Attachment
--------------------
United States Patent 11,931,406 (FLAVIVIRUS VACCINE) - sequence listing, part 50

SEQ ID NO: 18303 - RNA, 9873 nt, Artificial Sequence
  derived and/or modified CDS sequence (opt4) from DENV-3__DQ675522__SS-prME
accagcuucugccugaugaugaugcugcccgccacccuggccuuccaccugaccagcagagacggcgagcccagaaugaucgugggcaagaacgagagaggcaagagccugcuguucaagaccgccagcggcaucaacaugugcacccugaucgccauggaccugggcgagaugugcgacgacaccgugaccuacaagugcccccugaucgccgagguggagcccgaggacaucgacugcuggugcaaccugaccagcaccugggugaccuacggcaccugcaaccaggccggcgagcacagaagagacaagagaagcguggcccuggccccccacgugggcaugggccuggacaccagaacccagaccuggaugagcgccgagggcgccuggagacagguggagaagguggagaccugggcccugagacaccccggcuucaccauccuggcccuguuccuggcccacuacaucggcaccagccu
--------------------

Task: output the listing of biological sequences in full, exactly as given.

United States Patent 11,931,406 (FLAVIVIRUS VACCINE) - sequence listing, part 50

SEQ ID NO: 18303 - RNA, 9873 nt, Artificial Sequence
  derived and/or modified CDS sequence (opt4) from DENV-3__DQ675522__SS-prME
accagcuucugccugaugaugaugcugcccgccacccuggccuuccaccugaccagcagagacggcgagcccagaaugaucgugggcaagaacgagagaggcaagagccugcuguucaagaccgccagcggcaucaacaugugcacccugaucgccauggaccugggcgagaugugcgacgacaccgugaccuacaagugcccccugaucgccgagguggagcccgaggacaucgacugcuggugcaaccugaccagcaccugggugaccuacggcaccugcaaccaggccggcgagcacagaagagacaagagaagcguggcccuggccccccacgugggcaugggccuggacaccagaacccagaccuggaugagcgccgagggcgccuggagacagguggagaagguggagaccugggcccugagacaccccggcuucaccauccuggcccuguuccuggcccacuacaucggcaccagccu